When the earth’s wild hidden forces (website only)

1 When the earth’s wild hidden forces
roar and shake and tilt the ground‚
making fissures, cracks, and sinkholes
in this land that once seemed sound‚
then we know a power beyond us,
part of mystery profound,
part of mystery profound.

2 When the earth’s wild hidden forces,
crush and maim, and kill life’s dreams,
taking from us those who loved us,
people that we long esteemed‚
then we know a power beyond us,
greater than we ever dreamed,
greater than we ever dreamed.

3 When the earth’s wild hidden forces,
strike our cities thought secure,
damage buildings long enduring,
till‚ unsafe, they stand no more‚
then we know a power beyond us,
sprung forth from creation’s store,
sprung forth from creation’s store.

4 Now let earth’s wild hidden forces,
show us values long ignored
in our search for passing pleasures:
life and love, and faith in God‚
in the testing and the turmoil
may God’s healing power be found
may God’s healing love abound.

Copyright, ©‚ September 2010, Norman E Brookes (CCLI Song No 5953367) Used by permission

Metre: 87.87.47. extended

Suggested tune: Cwm Rhondda (StF 465; H&P 437)

See also Singing the moment

Categories: 87.87.47. (extended), Brookes, Norman, Cwm Rhondda, Hymns only online (submit to stfplus@methodistchurch.org.uk), Nature and Mystery of God, Wholeness of Creation.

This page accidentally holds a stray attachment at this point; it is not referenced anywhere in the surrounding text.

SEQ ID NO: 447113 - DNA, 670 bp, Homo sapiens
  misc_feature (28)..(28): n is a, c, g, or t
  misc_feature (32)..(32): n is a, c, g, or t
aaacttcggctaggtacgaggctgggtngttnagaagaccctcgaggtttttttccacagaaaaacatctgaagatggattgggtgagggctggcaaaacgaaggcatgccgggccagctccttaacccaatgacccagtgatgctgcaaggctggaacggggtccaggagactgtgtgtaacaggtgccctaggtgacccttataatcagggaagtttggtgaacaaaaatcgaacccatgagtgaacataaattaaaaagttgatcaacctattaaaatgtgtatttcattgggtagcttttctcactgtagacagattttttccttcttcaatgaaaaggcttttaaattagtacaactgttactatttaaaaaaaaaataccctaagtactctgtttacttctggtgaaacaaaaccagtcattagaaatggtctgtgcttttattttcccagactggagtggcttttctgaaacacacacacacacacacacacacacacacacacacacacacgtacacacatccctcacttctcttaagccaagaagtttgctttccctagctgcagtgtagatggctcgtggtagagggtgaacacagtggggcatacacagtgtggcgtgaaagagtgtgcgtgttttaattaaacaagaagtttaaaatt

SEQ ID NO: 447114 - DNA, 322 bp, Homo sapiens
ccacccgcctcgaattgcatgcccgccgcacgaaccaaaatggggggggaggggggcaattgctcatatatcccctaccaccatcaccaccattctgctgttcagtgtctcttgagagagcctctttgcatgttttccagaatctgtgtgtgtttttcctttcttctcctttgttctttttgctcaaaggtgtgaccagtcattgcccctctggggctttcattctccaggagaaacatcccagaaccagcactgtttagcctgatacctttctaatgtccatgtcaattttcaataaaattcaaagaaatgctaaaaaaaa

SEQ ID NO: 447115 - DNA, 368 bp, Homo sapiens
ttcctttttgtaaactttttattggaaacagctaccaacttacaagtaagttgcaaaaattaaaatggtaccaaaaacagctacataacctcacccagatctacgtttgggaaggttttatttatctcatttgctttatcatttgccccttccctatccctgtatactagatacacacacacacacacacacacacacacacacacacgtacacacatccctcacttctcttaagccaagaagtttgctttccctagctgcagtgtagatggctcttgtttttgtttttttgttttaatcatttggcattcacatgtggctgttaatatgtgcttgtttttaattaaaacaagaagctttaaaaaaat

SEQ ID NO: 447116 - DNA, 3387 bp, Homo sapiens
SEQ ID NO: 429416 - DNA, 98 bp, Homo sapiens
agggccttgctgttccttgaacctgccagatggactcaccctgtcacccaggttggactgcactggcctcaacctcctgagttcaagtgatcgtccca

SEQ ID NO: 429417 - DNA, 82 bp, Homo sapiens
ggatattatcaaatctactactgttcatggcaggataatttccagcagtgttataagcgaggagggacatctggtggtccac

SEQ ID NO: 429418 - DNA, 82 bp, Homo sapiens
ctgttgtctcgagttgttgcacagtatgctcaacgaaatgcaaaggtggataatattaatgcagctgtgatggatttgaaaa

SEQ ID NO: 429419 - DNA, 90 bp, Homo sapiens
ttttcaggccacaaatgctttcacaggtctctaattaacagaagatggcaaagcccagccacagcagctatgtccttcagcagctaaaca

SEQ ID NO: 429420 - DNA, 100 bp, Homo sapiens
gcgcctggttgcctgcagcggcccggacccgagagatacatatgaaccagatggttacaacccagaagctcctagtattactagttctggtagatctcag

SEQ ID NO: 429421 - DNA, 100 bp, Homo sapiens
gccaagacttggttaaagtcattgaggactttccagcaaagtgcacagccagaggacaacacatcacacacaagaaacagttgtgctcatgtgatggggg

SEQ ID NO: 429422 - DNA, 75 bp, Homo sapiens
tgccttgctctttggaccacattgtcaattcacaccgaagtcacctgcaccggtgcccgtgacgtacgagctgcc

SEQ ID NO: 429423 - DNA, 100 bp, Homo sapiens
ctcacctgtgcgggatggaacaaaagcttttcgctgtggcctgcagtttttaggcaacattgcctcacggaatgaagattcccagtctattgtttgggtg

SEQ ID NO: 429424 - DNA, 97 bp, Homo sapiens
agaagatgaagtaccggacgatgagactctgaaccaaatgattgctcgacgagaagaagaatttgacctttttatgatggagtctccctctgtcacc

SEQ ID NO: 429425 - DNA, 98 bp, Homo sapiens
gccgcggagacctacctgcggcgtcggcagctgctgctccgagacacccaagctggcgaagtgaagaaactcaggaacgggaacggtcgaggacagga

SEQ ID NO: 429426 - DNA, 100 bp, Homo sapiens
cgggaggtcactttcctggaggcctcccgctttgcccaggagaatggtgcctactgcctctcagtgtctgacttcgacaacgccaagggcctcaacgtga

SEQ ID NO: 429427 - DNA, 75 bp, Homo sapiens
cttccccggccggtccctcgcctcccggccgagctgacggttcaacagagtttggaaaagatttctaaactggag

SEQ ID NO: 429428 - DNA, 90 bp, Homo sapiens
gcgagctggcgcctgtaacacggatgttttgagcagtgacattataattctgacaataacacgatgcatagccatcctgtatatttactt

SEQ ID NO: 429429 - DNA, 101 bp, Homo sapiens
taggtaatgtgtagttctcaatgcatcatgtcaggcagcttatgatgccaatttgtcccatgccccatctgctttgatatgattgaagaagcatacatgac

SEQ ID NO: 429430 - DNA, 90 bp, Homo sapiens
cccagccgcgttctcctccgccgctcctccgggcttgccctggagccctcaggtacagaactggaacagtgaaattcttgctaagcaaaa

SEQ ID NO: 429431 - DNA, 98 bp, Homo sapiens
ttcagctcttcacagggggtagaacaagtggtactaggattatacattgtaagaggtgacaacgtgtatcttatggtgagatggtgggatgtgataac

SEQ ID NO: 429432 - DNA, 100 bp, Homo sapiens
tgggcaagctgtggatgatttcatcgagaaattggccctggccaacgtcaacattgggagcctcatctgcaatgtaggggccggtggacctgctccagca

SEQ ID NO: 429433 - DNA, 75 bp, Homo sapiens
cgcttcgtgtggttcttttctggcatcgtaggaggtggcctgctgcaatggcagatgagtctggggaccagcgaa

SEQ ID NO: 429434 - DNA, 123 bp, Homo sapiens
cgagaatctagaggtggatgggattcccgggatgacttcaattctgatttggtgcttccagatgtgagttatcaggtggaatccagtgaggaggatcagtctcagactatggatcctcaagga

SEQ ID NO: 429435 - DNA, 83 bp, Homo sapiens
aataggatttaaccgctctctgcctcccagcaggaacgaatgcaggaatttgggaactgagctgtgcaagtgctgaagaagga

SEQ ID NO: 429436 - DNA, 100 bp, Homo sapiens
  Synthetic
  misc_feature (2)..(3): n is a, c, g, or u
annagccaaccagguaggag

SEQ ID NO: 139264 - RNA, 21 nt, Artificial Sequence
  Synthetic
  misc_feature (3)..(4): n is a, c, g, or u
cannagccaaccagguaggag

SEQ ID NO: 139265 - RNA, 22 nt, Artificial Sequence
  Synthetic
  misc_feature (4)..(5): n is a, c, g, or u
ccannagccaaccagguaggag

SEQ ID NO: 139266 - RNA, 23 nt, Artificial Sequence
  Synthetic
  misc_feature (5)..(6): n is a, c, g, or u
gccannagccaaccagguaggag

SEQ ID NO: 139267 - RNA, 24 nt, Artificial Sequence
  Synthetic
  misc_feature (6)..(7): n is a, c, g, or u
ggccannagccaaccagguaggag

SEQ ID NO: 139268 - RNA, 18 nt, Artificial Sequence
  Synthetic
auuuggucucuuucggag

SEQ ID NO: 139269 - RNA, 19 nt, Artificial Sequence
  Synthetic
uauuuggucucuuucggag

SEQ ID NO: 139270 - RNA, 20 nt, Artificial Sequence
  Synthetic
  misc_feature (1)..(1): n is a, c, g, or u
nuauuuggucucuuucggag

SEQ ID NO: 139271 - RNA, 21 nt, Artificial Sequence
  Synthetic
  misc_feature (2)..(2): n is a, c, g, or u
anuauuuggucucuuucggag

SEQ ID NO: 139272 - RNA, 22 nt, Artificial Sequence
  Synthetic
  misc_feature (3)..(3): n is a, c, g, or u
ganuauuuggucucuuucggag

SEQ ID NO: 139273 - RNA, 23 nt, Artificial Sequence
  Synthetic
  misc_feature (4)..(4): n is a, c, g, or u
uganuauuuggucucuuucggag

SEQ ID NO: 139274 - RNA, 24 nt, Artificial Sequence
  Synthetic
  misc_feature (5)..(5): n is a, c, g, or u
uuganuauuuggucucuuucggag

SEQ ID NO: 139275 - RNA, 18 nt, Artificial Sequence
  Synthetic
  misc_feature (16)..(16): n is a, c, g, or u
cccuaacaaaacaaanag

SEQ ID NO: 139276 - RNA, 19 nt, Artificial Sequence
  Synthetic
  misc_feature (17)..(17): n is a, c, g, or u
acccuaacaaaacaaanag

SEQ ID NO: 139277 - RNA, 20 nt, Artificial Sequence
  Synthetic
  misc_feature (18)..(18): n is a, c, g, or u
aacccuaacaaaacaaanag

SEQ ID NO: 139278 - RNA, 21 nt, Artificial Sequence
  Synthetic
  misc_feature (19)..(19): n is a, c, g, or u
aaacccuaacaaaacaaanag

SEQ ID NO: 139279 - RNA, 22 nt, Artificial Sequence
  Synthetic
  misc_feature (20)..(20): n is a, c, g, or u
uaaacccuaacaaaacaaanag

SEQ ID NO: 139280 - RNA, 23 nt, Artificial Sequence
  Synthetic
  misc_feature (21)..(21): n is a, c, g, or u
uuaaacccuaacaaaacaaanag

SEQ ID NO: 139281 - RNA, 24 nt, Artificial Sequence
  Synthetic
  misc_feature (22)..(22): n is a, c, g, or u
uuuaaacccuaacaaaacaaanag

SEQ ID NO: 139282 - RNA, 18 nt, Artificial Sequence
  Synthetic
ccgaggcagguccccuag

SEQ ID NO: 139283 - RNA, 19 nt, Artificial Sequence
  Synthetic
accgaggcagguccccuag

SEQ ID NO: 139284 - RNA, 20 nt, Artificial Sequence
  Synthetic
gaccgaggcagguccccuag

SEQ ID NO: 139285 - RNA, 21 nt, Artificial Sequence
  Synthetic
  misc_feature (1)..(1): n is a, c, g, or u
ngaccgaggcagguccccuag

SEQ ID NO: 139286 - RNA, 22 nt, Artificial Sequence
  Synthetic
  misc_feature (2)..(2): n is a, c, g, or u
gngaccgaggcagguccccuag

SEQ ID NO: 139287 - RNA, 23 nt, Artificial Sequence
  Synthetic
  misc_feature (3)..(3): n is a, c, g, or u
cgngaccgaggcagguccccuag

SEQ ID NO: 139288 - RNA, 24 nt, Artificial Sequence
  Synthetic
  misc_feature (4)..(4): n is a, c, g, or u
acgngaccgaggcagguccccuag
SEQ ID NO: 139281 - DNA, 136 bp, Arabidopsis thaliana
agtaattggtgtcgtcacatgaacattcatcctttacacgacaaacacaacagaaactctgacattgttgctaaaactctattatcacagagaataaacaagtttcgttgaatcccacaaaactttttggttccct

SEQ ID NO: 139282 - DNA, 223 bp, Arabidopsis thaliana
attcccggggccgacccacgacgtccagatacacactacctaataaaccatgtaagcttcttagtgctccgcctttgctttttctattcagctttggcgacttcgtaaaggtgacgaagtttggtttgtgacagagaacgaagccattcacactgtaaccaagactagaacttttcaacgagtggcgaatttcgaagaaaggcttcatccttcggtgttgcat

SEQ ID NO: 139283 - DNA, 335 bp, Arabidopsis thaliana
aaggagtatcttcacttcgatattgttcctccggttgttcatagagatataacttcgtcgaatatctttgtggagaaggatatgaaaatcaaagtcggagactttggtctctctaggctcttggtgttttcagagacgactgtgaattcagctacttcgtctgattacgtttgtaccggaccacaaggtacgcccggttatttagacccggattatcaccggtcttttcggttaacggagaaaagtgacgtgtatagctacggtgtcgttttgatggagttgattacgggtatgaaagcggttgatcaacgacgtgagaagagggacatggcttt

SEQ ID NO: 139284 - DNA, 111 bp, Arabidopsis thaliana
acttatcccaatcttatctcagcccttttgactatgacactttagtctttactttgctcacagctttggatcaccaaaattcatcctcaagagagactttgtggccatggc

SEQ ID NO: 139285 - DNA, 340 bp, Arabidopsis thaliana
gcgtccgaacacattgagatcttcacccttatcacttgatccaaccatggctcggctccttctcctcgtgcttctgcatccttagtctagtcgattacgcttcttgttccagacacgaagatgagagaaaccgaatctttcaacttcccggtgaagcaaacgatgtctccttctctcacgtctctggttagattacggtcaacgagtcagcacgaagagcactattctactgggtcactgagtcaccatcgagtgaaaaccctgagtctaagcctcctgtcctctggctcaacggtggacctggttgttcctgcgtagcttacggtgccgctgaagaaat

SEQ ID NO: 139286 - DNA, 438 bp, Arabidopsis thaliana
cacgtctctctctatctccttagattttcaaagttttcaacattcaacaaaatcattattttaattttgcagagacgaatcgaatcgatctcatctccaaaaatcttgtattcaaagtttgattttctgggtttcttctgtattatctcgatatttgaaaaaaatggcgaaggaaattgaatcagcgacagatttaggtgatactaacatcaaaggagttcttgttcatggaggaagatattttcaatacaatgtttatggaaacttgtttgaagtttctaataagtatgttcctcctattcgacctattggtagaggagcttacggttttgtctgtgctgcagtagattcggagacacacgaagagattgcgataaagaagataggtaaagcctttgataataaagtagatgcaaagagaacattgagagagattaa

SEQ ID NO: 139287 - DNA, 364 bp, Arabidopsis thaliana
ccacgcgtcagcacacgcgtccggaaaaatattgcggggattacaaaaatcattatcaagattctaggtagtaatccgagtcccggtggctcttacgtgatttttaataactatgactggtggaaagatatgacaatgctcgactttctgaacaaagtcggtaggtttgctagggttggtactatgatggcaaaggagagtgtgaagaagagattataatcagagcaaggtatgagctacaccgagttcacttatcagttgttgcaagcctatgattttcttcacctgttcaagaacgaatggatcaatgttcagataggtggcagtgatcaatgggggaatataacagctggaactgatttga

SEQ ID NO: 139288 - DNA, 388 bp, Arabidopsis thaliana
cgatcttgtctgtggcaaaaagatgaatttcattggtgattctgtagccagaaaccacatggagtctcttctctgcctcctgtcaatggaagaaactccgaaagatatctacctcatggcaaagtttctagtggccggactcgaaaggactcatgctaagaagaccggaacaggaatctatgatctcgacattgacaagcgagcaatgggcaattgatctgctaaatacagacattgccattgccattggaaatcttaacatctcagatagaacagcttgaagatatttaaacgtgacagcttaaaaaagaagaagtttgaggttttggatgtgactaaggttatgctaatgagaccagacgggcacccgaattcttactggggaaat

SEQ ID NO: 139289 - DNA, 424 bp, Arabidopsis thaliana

One Response to When the earth’s wild hidden forces (website only)

  1. Comment on the hymn “When the earth’s wild hidden forces”
    I have spent twenty years of my life in Christchurch, New Zealand, and eight of those years were in Circuit ministry. Although I now live in Auckland, I have many fond memories of people and places in Christchurch. I was deeply saddened therefore by the loss of life and destruction of much of the city in the February 2010 earthquake and this is what led me to write the hymn
    Very recently it has been decided to demolish the St Alban’s (Christchurch), church whose then congregation were under my care for five years in the 1970′s, so the impact of the earthquakes on the city and its people continues. .

    Norman E Brookes

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